A Jewish member of South Africa’s Cabinet is blaming Israeli policies for the ongoing conflict with the Palestinians.
“The fundamental cause of the conflict is Israel’s occupation of Palestine and the suppression of the Palestinian struggle for self-determination,” said the nation’s water affairs minister, Ronnie Kasrils, who also equated Israel’s policies toward the Palestinians with South Africa’s era of apartheid.
Kasrils’ stand is being seen by some political observers as a possible hardening of the government’s self-proclaimed “carefully balanced” position on the Middle East.
The ruling African National Congress has had close ties with Yasser Arafat and his Palestine Liberation Organization since the days of the anti-apartheid struggle in South Africa.
The only Jewish Cabinet minister, Kasrils was addressing Parliament on Tuesday on behalf of the ANC in a debate about a report by a multi-party South African fact-finding mission that visited the Middle East in July. The report was severely critical of Israel.
The South African government does not dispute that sectors of the Palestinian people resort to terror, and “we condemn indiscriminate killings of civilians from whatever quarter,” he said.
“Yet this is not the root cause of the ongoing violence.”
Kasrils also said recognition of the fundamental causes of the ongoing Israeli-Palestinian violence does not constitute anti-Semitism, not does it amount to a denial of Israel’s right to exist.
After the suffering of the Jews under the Nazis, he said he was appalled at the “ruthless security methods” used by Israel against Palestinians, including “bulldozers, machine guns, tanks and helicopter gunships,” as well as the “targeted assassination of opponents.”
“These intolerable strategies, together with the growing number of provocative Jewish settlements in the West Bank, undermine the legitimacy of the Israeli government and its negotiating position and give rise to intensified resistance.”
Kasrils urged fellow South African Jews to join the ANC campaign to support “justice for Palestine” and seek peace and security for everyone in the Middle East.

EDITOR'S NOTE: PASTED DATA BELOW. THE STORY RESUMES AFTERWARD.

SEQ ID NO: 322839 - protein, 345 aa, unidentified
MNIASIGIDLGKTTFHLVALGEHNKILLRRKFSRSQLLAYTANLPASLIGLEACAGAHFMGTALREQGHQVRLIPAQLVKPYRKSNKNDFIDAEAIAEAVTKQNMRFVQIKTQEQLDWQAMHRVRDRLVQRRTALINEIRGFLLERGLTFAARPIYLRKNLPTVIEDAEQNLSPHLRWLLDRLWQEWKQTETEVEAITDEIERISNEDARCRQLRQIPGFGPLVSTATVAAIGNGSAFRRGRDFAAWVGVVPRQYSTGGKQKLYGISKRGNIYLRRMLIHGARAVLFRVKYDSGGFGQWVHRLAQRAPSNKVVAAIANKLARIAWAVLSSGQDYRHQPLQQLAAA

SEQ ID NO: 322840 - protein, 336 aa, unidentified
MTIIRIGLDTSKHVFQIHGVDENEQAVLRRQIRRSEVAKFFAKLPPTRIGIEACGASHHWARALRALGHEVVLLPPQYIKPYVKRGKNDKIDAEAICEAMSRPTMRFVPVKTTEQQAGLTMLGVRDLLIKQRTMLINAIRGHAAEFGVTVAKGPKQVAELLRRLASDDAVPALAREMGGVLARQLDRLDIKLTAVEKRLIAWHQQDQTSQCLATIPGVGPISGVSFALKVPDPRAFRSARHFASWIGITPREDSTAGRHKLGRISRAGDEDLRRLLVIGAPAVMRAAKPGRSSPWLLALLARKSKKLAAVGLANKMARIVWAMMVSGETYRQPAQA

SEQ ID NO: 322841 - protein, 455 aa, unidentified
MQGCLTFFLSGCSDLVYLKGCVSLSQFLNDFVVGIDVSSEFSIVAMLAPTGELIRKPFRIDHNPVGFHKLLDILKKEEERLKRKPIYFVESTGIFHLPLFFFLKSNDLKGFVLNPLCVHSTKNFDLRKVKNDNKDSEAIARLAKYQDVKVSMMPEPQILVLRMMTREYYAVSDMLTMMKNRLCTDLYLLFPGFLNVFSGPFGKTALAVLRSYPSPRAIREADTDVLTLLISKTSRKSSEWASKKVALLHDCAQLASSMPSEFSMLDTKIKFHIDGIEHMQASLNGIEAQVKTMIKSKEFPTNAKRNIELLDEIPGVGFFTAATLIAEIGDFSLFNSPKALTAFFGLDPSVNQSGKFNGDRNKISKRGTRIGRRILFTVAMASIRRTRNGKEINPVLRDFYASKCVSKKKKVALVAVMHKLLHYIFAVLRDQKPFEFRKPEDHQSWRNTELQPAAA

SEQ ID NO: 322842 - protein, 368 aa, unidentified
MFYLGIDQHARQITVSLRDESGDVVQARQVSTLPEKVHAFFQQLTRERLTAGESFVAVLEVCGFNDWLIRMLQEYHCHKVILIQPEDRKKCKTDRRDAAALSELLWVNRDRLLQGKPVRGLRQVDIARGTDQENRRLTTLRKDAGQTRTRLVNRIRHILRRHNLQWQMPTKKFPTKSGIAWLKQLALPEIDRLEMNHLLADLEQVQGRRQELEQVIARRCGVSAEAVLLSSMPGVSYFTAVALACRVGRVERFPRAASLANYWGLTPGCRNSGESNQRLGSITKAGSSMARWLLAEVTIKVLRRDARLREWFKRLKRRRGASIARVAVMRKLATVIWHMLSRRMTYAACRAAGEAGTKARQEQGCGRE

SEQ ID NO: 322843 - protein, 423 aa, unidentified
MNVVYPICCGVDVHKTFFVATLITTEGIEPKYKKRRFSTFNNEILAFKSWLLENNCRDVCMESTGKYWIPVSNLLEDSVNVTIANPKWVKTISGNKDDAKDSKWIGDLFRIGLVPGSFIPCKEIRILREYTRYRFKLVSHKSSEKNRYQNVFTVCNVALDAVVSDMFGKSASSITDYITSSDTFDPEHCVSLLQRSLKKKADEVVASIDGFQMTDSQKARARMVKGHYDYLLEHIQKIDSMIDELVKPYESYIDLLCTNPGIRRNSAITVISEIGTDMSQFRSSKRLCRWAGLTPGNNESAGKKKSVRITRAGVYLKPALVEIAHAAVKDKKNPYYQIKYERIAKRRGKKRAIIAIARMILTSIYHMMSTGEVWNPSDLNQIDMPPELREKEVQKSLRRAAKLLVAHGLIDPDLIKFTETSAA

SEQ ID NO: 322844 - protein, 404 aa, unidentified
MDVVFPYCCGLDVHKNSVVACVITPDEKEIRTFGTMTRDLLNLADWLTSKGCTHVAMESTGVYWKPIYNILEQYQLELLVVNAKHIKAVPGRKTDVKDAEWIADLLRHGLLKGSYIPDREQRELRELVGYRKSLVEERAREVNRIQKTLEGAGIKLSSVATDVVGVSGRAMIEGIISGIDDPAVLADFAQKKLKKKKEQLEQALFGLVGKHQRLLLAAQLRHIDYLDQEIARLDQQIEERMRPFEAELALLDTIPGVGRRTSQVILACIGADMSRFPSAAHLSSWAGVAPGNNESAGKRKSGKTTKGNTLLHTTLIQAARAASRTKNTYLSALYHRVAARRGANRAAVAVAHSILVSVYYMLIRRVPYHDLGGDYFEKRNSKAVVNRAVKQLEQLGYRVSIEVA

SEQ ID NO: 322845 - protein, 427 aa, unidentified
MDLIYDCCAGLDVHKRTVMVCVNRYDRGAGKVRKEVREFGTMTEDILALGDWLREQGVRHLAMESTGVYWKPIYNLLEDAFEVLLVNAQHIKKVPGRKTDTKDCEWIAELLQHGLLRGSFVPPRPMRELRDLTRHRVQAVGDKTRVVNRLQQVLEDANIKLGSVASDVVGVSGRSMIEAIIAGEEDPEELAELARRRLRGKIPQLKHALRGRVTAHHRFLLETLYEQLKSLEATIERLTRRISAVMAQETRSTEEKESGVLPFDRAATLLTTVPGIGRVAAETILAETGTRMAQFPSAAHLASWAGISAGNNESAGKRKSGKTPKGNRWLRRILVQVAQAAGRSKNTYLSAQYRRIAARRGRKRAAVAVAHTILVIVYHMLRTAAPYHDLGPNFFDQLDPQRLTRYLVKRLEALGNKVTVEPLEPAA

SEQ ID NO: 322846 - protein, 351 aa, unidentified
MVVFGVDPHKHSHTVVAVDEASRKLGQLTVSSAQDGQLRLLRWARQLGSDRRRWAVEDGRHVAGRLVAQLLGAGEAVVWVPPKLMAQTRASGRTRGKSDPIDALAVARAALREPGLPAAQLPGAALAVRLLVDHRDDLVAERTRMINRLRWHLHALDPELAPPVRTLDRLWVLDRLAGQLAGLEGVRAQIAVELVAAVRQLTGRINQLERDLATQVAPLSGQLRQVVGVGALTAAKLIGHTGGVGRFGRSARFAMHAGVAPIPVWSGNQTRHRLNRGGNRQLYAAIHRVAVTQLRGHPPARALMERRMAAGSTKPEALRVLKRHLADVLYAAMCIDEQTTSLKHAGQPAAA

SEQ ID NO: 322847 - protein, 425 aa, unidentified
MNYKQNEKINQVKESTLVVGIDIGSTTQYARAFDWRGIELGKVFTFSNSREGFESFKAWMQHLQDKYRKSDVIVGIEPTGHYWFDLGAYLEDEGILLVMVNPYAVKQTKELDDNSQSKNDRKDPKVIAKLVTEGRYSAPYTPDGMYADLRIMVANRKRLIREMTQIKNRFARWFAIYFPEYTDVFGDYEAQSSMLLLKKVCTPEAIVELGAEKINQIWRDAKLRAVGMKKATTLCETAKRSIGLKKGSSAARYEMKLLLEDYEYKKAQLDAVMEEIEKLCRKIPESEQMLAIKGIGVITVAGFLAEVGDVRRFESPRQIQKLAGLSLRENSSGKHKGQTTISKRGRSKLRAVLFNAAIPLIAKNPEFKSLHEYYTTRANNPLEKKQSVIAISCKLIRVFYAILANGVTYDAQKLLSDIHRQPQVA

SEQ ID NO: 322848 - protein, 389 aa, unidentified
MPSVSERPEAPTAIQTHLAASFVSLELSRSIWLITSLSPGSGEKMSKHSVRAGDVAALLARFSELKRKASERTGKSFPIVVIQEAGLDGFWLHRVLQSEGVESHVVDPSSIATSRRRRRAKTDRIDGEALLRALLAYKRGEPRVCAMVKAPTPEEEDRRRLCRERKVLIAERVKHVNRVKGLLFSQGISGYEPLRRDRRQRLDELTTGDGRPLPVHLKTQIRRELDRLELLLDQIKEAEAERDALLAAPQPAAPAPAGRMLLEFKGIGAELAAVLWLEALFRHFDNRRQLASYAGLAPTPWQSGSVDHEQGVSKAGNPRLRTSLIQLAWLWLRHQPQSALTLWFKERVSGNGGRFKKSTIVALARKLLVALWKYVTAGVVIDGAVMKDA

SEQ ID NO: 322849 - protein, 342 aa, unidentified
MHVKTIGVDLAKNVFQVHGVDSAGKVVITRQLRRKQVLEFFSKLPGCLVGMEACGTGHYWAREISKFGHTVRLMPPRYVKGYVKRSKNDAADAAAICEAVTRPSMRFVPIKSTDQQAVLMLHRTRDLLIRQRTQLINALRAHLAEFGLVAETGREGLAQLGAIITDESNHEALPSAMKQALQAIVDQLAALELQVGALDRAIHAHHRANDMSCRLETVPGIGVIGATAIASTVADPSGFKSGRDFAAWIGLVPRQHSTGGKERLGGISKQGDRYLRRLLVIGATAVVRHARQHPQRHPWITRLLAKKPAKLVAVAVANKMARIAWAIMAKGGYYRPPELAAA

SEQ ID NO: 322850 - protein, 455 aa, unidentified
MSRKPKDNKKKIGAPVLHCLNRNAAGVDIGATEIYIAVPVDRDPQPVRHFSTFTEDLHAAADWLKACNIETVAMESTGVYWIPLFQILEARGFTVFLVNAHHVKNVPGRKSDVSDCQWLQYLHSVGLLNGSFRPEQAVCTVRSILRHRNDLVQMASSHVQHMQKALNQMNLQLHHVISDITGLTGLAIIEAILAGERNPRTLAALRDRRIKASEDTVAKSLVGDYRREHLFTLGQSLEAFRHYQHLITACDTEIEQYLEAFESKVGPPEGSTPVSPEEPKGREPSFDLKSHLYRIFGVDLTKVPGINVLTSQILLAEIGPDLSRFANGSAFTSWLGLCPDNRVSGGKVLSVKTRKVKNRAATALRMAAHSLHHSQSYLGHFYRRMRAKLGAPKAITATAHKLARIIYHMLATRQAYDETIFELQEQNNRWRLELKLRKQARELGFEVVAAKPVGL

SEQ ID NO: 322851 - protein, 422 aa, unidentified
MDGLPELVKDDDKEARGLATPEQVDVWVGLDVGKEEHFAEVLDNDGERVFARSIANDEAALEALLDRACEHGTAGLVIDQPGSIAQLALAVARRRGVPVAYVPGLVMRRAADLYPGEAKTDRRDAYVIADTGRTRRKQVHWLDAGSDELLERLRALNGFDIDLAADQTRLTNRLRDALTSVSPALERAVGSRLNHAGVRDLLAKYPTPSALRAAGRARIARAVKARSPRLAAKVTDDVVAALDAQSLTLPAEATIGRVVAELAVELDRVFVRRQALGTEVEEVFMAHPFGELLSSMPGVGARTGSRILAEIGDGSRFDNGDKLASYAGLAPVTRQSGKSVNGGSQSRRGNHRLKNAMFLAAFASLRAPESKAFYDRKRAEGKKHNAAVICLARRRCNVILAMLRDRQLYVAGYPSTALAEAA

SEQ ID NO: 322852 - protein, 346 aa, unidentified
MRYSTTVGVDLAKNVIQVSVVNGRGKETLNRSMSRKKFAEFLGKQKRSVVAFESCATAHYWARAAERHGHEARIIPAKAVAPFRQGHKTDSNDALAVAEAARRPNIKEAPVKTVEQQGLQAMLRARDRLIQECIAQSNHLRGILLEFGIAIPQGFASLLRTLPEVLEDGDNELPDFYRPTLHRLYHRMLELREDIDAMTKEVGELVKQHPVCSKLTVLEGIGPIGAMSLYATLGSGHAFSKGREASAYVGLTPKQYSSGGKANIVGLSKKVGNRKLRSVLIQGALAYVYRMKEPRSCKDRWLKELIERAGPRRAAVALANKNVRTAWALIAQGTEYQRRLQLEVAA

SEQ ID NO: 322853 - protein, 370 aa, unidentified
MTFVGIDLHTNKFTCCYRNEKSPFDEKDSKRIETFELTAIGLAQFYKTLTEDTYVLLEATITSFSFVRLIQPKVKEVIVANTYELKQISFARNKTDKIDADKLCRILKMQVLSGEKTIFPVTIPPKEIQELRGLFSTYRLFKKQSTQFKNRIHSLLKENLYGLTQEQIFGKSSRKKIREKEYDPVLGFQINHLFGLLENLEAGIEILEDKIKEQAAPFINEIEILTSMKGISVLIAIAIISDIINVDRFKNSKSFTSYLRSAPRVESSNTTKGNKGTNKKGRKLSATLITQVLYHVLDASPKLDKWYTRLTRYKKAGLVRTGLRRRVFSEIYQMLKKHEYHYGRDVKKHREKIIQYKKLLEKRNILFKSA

Russell Gaddin, national chairman of the South African Jewish Board of Deputies, criticized Kasrils’ statements.
Gaddin said he believes Kasrils is not properly informed about the history of the Israeli-Palestinian conflict and was using his Jewish background to add credibility to the pro-Palestinian stance of the ANC.
Gaddin said the Board, like Jews all over the world, wants a peaceful resolution to the Israeli-Palestinian conflict, but he pointed out that it was not Israel that is committing acts of terror.
Contrary to claims of “excessive force” being leveled at the Israelis, all Israeli actions had to be seen either as defensive or as responses to previous attacks by the Palestinians, Gaddin said.
A day before the debate was held in Parliament, the Board circulated a letter to all legislators that was critical of the government’s stance toward Israel.
“The past few months have witnessed a number of disturbing developments, which have seriously undermined the confidence of South African Jewry in the future of the country and of their place within it,” the letter said.
The Board urged legislators to distance themselves from “biased and unfair” comments against Israel and asked them to enforce the constitutional provisions outlawing hate speech.
It also criticized the Communist Party, a governing partner of the ruling ANC, for recent comments alleging that South Africa’s Jewish community is engaged in “financially assisting the Israeli government to suppress Palestinian people.”
Dean Smuts, spokesperson for the Democratic Party — whose head, opposition leader Tony Leon, is Jewish — said the fact-finding report was skewed toward the “standard pro-Palestinian” position.
Smuts said the report contained “the ususal charge sheet of infringement of human rights by Israel, while omitting any serious treatment of the lynchings and suicide bombings which prompt the closures, curfews and restrictions in the first place.”
The report used the word “terrorism” in quotes.
“This is obscene and we will not lend our name to such a thing,” Smuts said.
“The taking of innocent life is forbidden in all three of our Abrahamic religions, and there is no difference between doing so in Manhattan or in a Jerusalem pizzeria or a Tel Aviv discotheque.”
The Archive of the Jewish Telegraphic Agency includes articles published from 1923 to 2008. Archive stories reflect the journalistic standards and practices of the time they were published.